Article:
It’s common to mistake a dormant company for an obsolete one; fortunately, this article comprehensively answers the question, “What is a dormant company?” to help you fully understand its functions as you set out on starting a new company.
What Is a Dormant Company?
There’s no replacement for answering the question, “What is a dormant company?” than a clear and concise definition. Companies are dormant if they are inactive and not trading (or receiving any type of income from trading). However, the company has to be registered with Companies House and may be dormant from its incorporation date or its trading date.
What Is a Dormant Company in Relation to Trading?
The question, “What is a dormant company?” cannot be considered without fully understanding its relative dichotomy — trading. Generally, dormant companies cannot trade or receive income that includes:
- The purchase and sales of goods and services
- Leasing/buying properties
- Employment of staff
- Directors’ salary payments
- Investment management
- Receiving dividends
- Issuing shareholder dividends
- Earning interest from/or paying bank charges
- Using the business bank account for legal or accounting fees
If you tick any of the above, then your company many not be considered dormant. However, some transactions that can be practised by a dormant company, include:
- Shares payment by the maiden shareholders (those who joined the company at the time of incorporation)
- Fees and charges paid to Companies House for filing an annual confirmation statement
- The payment of any late filing penalties to Companies House
What Is a Dormant Company in Relation to Corporation Tax?
If your company has stopped trading and has no income from e.g. investments, then it will be dormant for Corporation Tax, and if the following applies:
- You are a new limited company and yet to begin trading
- You are an unincorporated association/club owing less than £100 Corporation Tax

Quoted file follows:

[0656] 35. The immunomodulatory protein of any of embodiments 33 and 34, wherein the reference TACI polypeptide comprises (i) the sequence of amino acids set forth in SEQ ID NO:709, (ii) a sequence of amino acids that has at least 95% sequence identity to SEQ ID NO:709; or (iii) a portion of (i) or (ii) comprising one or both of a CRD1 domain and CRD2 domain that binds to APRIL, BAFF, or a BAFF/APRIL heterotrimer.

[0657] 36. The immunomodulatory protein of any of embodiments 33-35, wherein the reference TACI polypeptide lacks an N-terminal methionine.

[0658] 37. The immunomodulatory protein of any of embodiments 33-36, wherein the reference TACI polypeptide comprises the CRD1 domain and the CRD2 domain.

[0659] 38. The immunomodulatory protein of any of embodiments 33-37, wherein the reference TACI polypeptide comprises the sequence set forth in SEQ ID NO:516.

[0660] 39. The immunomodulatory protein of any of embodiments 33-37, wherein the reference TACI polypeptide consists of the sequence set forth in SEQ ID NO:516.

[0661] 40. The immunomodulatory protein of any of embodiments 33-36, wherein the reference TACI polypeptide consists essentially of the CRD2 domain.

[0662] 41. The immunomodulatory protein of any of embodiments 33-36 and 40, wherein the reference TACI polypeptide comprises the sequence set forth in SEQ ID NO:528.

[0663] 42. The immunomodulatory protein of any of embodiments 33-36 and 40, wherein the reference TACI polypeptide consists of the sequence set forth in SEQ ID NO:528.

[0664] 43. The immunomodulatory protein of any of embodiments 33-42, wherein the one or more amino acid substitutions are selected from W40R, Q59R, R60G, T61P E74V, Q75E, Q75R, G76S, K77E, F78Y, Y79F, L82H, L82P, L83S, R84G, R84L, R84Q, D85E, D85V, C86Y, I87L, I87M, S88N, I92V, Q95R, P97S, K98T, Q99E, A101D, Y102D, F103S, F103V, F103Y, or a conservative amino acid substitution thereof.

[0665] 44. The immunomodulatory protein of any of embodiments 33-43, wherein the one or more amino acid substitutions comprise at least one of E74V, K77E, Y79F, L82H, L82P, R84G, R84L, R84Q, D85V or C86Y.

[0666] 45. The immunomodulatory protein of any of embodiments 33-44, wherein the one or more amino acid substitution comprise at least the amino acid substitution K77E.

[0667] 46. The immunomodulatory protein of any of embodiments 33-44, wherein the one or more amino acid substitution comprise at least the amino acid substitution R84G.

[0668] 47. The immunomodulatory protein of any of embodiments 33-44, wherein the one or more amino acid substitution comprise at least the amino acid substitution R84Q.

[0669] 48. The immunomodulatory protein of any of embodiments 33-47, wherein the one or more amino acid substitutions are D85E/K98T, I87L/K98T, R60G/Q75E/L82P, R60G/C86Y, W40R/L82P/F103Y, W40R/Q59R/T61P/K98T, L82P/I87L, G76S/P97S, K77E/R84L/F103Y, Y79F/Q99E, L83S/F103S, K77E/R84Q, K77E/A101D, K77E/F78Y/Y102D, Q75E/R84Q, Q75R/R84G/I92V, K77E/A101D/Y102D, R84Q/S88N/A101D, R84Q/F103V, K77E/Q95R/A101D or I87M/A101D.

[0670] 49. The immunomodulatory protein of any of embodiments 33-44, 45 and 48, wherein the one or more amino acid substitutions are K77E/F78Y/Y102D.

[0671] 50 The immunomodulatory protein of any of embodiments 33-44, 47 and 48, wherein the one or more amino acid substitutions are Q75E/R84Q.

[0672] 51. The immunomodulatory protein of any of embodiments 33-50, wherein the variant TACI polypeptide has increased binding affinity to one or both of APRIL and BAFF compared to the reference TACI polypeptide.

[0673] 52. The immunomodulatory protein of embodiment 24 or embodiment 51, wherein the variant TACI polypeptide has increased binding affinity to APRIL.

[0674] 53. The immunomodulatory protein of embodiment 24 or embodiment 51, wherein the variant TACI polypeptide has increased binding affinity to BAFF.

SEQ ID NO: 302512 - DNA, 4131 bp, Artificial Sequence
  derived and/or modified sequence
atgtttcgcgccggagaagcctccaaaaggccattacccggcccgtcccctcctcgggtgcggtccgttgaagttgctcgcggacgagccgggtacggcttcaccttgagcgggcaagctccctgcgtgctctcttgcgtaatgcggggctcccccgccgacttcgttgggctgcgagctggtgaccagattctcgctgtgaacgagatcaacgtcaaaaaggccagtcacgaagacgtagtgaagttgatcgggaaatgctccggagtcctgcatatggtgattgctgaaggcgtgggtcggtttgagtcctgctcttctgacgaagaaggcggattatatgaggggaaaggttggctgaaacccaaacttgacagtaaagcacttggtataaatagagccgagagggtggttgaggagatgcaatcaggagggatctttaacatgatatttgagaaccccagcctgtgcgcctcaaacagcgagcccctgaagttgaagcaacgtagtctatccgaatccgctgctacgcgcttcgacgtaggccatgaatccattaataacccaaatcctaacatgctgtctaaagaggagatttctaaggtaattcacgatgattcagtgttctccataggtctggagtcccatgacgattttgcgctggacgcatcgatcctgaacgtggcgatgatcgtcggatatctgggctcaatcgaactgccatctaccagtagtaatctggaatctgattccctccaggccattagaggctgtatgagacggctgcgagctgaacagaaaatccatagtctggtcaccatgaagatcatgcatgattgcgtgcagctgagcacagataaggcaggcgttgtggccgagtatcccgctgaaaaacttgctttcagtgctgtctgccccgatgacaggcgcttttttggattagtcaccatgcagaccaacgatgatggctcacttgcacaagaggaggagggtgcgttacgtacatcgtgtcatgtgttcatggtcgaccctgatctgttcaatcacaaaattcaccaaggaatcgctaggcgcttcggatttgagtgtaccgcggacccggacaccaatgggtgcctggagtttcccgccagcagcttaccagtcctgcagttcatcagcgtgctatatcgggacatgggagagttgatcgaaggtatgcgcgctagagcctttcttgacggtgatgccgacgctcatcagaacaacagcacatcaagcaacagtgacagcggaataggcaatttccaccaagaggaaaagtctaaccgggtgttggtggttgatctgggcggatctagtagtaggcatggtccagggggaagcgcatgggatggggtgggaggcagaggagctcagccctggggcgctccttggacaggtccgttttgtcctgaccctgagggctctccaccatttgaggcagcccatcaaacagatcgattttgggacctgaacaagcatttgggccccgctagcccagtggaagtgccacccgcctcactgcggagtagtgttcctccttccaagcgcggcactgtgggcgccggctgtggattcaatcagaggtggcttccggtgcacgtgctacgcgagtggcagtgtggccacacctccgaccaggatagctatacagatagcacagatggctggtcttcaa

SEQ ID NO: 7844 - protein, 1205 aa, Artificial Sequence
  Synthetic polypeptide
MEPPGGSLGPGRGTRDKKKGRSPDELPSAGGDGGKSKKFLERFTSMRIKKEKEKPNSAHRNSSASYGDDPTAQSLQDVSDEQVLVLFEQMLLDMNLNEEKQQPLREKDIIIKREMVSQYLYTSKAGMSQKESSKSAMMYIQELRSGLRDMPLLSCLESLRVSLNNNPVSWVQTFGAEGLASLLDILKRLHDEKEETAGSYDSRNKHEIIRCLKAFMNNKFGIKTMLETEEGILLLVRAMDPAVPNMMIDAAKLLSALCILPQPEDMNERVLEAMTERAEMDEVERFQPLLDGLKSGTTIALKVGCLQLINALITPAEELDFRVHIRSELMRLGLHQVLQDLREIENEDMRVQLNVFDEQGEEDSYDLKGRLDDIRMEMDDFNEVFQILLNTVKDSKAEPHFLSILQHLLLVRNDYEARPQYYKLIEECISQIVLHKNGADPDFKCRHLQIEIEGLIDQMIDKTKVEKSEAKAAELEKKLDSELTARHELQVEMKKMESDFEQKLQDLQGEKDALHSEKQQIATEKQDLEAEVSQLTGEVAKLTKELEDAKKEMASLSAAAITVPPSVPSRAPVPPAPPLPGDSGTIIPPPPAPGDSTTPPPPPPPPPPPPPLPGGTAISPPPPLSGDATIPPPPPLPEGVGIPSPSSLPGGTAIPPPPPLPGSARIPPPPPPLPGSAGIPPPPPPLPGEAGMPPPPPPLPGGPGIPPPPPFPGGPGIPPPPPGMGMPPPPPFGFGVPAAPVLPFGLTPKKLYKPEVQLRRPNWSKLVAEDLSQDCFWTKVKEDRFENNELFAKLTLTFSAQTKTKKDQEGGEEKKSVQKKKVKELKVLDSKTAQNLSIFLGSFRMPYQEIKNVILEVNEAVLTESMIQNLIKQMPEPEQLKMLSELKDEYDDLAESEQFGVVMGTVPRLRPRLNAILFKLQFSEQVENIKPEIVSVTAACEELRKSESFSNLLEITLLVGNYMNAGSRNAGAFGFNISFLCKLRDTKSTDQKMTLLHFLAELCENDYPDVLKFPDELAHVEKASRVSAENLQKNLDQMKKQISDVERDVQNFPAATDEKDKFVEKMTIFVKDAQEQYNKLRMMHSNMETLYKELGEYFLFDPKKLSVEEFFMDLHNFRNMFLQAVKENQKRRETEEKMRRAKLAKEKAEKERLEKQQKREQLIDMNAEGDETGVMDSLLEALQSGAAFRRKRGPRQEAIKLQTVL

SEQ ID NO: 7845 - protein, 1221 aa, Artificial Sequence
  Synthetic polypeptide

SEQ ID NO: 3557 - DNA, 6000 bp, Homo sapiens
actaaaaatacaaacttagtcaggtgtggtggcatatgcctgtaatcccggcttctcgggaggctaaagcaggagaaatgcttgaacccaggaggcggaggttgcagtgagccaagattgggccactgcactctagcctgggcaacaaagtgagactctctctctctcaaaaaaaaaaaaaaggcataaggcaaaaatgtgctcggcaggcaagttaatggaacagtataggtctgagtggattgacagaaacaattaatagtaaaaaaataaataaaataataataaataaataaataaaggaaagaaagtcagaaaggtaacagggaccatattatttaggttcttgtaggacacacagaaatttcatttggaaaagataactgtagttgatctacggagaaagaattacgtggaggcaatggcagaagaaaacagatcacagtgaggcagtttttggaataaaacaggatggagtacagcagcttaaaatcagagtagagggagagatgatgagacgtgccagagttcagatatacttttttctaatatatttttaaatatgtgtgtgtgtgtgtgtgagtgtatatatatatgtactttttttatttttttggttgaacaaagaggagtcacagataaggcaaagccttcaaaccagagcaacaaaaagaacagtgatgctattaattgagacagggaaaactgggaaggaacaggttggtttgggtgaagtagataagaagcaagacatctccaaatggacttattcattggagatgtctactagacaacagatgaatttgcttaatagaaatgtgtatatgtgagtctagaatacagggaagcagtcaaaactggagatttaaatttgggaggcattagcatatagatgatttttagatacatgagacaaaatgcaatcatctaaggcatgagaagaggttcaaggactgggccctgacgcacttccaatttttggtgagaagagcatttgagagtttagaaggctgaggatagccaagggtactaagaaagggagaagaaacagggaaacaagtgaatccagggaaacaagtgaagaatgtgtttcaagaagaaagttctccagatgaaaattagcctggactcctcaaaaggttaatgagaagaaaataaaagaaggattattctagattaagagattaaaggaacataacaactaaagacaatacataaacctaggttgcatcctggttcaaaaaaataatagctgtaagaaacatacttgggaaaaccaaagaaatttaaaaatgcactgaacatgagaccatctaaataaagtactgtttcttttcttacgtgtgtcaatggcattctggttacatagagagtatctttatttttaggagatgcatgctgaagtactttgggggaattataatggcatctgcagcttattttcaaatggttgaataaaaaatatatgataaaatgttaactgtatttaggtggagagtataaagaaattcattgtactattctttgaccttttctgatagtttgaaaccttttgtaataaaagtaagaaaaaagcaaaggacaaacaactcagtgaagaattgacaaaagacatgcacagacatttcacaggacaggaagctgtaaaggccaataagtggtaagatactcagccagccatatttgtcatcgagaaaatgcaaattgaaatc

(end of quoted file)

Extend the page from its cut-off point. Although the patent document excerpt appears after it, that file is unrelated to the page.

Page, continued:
- You are a flat management company
HMRC may consider your unincorporated company to be dormant for Corporation Tax reasons if it remains active but adheres to the following:
- The annual Corporation Tax liability of your organisation does not/is not expected to be over £100
- Your club/organisation runs exclusively for member benefits
For each year of your organisation’s dormancy, your company may not have any of the following:
- Allowable trading losses for which it may want to claim relief
- Assets that are likely to be disposed, which would give rise to a chargeable gain
- Tax deductible interest/annual payments (payable to HMRC)
However, HMRC will NOT consider your company to be dormant if the following applies:
- Your organisation is a privately-owned club run by its members as a commercial enterprise for profit
- Your organisation is a housing association or you’re a registered social landlord (as designated in the Housing Act 1986)
- Your organisation is a trade association
- Your organisation is a thrift fund
- Your organisation is a holiday club
- Your organisation is a friendly society
- Your organisation is a subsidiary of, or is wholly owned by, a charity
When HMRC deems your company dormant, a letter will be sent to you notifying you of your Corporate Tax exemption and/or that you’re not permitted to file Company Tax Returns.
What Is a Dormant Company in Relation to Companies House?
As mentioned, your company will be considered dormant there’s been no significant accounting transactions during the financial year, and it is registered with Companies House.
The transactions have to be limited to:
- Shares payments